The irony is that many trainers, nutritionists and contest prep coaches are the responsible parties, as they are the ones prescribing the starvation diets. Many of these coaches, sadly, will only accept half of the picture – that their clients are non-compliant, because they are among those who aren’t educated about metabolic adaptation and how to minimize it, or they’re not thinking about the long term consequences, only the current show prep. So what do they do next? They prescribe even more cardio and even fewer calories, and a vicious cycle begins.
What to do about it
I can’t tell you how to turn off your body’s starvation responses because they can’t be turned off. This is your body’s automatic reaction to calorie restriction.
Some people have translated that to, “My body hates me!” On the other hand, we could easily say, “Your body loves you” … you’re just not loving it back – you’re abusing it. Remember, this is a protective mechanism. Without some kind of weight regulation system, very small perturbations in energy balance would cause huge gains or losses in body weight much more quickly because almost no one eats precisely in energy balance every single day. We would also not last very long in a food shortage. With these amazing feedback systems we have, our bodies are incredibly resilient.
What I can do, and will write about in more detail in the future, is tell you how to mitigate the effects of metabolic adaptation, avoid the consequences of metabolic damage and recover if it has already happened to you. Perk up – it’s not permanent.
Just so I don’t leave you on a huge cliffhanger, let me say that the crux of the solution should already be self-evident: Don’t starve yourself on crash diets, don’t over-exercise if you choose a very low calorie diet approach and above all else don’t diet chronically. Instead, learn the secret of smart bobyduilders and fitness models: dieting in cycles and seasons, including muscle-building phases.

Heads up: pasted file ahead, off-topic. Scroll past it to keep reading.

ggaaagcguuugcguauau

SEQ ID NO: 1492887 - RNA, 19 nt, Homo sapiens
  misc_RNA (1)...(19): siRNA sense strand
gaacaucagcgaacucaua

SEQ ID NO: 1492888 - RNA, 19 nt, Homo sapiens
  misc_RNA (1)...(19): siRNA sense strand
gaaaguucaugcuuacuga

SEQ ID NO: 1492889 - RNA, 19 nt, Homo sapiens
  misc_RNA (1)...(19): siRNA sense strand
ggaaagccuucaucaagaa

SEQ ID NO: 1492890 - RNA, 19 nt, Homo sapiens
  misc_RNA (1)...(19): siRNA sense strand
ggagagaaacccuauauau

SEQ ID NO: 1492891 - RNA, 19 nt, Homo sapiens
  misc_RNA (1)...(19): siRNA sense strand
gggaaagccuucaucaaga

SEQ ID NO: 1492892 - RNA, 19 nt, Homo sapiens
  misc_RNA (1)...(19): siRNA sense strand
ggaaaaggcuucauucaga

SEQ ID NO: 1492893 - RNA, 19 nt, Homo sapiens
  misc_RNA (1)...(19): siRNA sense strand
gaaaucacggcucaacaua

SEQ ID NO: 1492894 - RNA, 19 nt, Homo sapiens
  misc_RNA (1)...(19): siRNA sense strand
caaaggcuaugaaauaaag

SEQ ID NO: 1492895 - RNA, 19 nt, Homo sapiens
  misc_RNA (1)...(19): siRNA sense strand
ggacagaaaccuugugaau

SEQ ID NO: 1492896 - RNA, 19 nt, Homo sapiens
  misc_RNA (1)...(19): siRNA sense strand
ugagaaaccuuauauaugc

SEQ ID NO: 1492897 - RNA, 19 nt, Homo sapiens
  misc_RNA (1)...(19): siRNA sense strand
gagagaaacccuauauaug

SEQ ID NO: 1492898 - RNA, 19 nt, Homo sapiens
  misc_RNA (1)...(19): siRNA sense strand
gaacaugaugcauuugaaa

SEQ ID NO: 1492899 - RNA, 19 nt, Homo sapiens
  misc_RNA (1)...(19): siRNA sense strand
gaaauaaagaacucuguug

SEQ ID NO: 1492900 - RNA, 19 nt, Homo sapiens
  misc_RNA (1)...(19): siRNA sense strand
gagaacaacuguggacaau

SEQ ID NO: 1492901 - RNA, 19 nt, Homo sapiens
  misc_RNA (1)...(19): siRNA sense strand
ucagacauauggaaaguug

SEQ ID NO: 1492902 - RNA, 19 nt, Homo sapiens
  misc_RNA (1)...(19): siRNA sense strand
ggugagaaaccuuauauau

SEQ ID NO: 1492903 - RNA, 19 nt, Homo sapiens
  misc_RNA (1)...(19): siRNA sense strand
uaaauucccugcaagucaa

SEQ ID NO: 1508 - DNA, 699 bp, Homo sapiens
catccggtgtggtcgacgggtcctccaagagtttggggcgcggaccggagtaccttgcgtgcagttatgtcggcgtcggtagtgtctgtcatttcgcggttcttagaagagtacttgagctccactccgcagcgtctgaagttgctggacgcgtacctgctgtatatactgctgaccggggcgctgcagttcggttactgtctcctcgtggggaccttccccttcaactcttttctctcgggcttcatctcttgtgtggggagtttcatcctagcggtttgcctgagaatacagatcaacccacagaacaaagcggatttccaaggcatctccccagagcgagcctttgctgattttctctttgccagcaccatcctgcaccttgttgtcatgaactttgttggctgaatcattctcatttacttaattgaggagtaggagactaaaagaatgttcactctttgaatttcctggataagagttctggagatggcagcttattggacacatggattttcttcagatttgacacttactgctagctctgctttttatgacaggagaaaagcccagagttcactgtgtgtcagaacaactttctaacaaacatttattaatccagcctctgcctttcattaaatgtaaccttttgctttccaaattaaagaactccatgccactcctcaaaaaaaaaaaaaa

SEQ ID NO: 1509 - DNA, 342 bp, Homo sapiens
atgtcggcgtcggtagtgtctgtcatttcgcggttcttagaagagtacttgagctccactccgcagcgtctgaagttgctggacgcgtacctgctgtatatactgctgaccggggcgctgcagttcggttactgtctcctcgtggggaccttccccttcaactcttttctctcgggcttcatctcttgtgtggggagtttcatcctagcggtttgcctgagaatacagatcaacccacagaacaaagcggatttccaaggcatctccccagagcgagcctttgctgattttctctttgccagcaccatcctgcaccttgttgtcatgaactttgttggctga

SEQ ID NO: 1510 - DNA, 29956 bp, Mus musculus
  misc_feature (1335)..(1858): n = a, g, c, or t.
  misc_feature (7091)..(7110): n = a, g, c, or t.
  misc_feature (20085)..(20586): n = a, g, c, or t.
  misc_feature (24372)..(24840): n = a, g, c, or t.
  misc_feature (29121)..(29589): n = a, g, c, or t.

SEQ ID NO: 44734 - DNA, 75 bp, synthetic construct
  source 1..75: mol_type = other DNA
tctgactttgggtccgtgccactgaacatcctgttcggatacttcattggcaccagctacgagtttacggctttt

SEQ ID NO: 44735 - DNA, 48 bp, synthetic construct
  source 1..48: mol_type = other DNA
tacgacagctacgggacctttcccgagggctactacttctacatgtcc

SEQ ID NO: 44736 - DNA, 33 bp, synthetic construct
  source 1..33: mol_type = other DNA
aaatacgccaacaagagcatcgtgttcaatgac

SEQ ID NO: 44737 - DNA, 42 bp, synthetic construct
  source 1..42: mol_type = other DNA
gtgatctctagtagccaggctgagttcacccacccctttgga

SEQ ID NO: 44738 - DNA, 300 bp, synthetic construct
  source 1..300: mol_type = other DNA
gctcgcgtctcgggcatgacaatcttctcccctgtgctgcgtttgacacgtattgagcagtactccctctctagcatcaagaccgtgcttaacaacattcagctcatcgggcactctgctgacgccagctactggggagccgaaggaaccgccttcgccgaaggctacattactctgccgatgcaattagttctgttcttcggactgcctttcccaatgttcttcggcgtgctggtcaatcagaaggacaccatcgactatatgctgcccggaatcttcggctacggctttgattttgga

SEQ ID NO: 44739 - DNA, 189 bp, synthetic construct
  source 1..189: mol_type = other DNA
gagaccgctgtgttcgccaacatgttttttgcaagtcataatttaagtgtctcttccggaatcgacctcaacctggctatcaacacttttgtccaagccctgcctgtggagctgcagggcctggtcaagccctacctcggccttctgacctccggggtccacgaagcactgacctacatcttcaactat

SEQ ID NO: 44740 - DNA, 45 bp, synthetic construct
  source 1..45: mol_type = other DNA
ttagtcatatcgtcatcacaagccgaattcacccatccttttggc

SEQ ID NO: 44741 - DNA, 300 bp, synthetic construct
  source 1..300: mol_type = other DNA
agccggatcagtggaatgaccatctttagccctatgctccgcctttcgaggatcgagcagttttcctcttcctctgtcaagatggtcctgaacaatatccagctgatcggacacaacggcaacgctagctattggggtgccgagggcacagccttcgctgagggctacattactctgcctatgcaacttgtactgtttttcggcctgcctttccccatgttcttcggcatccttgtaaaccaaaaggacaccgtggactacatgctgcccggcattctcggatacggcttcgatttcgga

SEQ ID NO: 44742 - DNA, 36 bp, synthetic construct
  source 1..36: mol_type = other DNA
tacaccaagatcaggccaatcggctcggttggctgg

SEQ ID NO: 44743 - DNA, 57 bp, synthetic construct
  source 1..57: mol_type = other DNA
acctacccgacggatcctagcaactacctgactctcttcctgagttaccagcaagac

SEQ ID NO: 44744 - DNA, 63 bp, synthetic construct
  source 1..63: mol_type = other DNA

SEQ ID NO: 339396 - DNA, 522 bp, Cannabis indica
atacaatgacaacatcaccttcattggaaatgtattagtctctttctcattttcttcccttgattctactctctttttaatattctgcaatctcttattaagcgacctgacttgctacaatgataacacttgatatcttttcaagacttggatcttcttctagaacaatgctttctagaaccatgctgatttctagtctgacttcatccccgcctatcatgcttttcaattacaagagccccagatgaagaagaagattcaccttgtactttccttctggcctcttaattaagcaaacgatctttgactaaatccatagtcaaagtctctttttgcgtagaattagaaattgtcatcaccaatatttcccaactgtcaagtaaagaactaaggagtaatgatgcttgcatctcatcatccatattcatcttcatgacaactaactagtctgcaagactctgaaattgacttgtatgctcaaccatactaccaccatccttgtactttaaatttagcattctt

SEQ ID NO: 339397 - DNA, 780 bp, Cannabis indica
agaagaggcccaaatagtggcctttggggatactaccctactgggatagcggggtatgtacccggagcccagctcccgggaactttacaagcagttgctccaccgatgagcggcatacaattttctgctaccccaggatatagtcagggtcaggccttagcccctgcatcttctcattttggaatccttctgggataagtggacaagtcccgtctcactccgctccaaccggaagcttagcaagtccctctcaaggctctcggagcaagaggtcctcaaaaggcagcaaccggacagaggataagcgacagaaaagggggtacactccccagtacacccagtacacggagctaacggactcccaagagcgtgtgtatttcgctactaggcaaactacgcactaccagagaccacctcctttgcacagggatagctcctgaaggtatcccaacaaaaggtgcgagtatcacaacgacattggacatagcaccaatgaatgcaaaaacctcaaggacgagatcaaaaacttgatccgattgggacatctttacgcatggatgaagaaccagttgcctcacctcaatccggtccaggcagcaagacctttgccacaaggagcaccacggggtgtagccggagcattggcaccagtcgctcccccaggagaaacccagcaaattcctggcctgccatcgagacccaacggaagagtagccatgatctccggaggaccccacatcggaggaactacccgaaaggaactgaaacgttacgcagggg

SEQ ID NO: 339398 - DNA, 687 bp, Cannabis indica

Many people are failing on all the above. There are still lots of regular people going on self-prescribed 800, or even 500 calorie day diets. Are you kidding? My right bicep needs more than 500 calories a day! There are also male and female physique athletes dieting on 1600 or 1000 calories per day, respectively… with competition level training! That’s insanity!
When you’re compliant to a low calorie (hypocaloric) diet, you’re going to lose weight. If you got a nutrition education in the process and you can ease into the lifestyle phase with a smart maintenance plan, you’ll be able to keep it off. But make no mistake, cut calories too much, for too long, and bad stuff happens, including losing the wrong kind of weight (muscle) and increased risk of regaining what you lost. Being impatient and using quick fixes has consequences, and a great danger is that many of them don’t show up immediately.
Make training a part of your lifestyle, and train sensibly, but train hard. This allows you to eat more, and when you resistance train, more of what you eat is likely to be partitioned into muscle and not fat. That’s the difference between transforming your body and simply losing weight, and this is the message I have preached for the last decade in Burn the Fat, Feed the Muscle.